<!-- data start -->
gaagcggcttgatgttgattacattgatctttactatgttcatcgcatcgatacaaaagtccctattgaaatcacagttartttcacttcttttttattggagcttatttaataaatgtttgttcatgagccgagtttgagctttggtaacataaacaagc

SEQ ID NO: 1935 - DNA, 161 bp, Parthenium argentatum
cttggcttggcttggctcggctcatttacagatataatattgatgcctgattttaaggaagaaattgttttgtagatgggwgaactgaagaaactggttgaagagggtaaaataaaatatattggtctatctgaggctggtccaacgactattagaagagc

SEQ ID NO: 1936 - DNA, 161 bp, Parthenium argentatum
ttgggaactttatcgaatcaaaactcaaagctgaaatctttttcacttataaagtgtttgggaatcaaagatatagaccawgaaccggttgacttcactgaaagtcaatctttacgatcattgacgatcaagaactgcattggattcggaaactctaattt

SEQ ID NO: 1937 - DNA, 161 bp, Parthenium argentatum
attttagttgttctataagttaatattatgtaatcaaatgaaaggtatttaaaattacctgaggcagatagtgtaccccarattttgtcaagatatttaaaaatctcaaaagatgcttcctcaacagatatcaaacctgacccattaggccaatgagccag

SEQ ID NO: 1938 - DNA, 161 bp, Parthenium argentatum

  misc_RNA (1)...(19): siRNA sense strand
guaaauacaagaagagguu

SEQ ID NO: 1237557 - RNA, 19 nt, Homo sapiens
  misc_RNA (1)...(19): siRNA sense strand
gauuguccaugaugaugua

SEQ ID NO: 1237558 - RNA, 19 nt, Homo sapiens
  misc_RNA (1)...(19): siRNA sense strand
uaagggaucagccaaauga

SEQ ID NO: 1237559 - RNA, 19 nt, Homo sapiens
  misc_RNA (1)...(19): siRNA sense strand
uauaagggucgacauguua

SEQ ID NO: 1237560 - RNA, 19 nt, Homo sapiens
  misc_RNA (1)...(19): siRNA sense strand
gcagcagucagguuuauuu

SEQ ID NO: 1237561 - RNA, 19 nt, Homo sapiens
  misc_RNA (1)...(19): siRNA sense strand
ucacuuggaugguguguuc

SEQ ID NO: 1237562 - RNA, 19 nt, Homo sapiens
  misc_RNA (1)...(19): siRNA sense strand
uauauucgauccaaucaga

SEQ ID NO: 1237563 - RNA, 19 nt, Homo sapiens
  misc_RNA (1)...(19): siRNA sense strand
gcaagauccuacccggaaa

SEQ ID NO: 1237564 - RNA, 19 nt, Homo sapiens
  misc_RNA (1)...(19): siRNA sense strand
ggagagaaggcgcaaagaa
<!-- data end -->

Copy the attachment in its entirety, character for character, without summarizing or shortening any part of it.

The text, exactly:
gaagcggcttgatgttgattacattgatctttactatgttcatcgcatcgatacaaaagtccctattgaaatcacagttartttcacttcttttttattggagcttatttaataaatgtttgttcatgagccgagtttgagctttggtaacataaacaagc

SEQ ID NO: 1935 - DNA, 161 bp, Parthenium argentatum
cttggcttggcttggctcggctcatttacagatataatattgatgcctgattttaaggaagaaattgttttgtagatgggwgaactgaagaaactggttgaagagggtaaaataaaatatattggtctatctgaggctggtccaacgactattagaagagc

SEQ ID NO: 1936 - DNA, 161 bp, Parthenium argentatum
ttgggaactttatcgaatcaaaactcaaagctgaaatctttttcacttataaagtgtttgggaatcaaagatatagaccawgaaccggttgacttcactgaaagtcaatctttacgatcattgacgatcaagaactgcattggattcggaaactctaattt

SEQ ID NO: 1937 - DNA, 161 bp, Parthenium argentatum
attttagttgttctataagttaatattatgtaatcaaatgaaaggtatttaaaattacctgaggcagatagtgtaccccarattttgtcaagatatttaaaaatctcaaaagatgcttcctcaacagatatcaaacctgacccattaggccaatgagccag

SEQ ID NO: 1938 - DNA, 161 bp, Parthenium argentatum

  misc_RNA (1)...(19): siRNA sense strand
guaaauacaagaagagguu

SEQ ID NO: 1237557 - RNA, 19 nt, Homo sapiens
  misc_RNA (1)...(19): siRNA sense strand
gauuguccaugaugaugua

SEQ ID NO: 1237558 - RNA, 19 nt, Homo sapiens
  misc_RNA (1)...(19): siRNA sense strand
uaagggaucagccaaauga

SEQ ID NO: 1237559 - RNA, 19 nt, Homo sapiens
  misc_RNA (1)...(19): siRNA sense strand
uauaagggucgacauguua

SEQ ID NO: 1237560 - RNA, 19 nt, Homo sapiens
  misc_RNA (1)...(19): siRNA sense strand
gcagcagucagguuuauuu

SEQ ID NO: 1237561 - RNA, 19 nt, Homo sapiens
  misc_RNA (1)...(19): siRNA sense strand
ucacuuggaugguguguuc

SEQ ID NO: 1237562 - RNA, 19 nt, Homo sapiens
  misc_RNA (1)...(19): siRNA sense strand
uauauucgauccaaucaga

SEQ ID NO: 1237563 - RNA, 19 nt, Homo sapiens
  misc_RNA (1)...(19): siRNA sense strand
gcaagauccuacccggaaa

SEQ ID NO: 1237564 - RNA, 19 nt, Homo sapiens
  misc_RNA (1)...(19): siRNA sense strand
ggagagaaggcgcaaagaa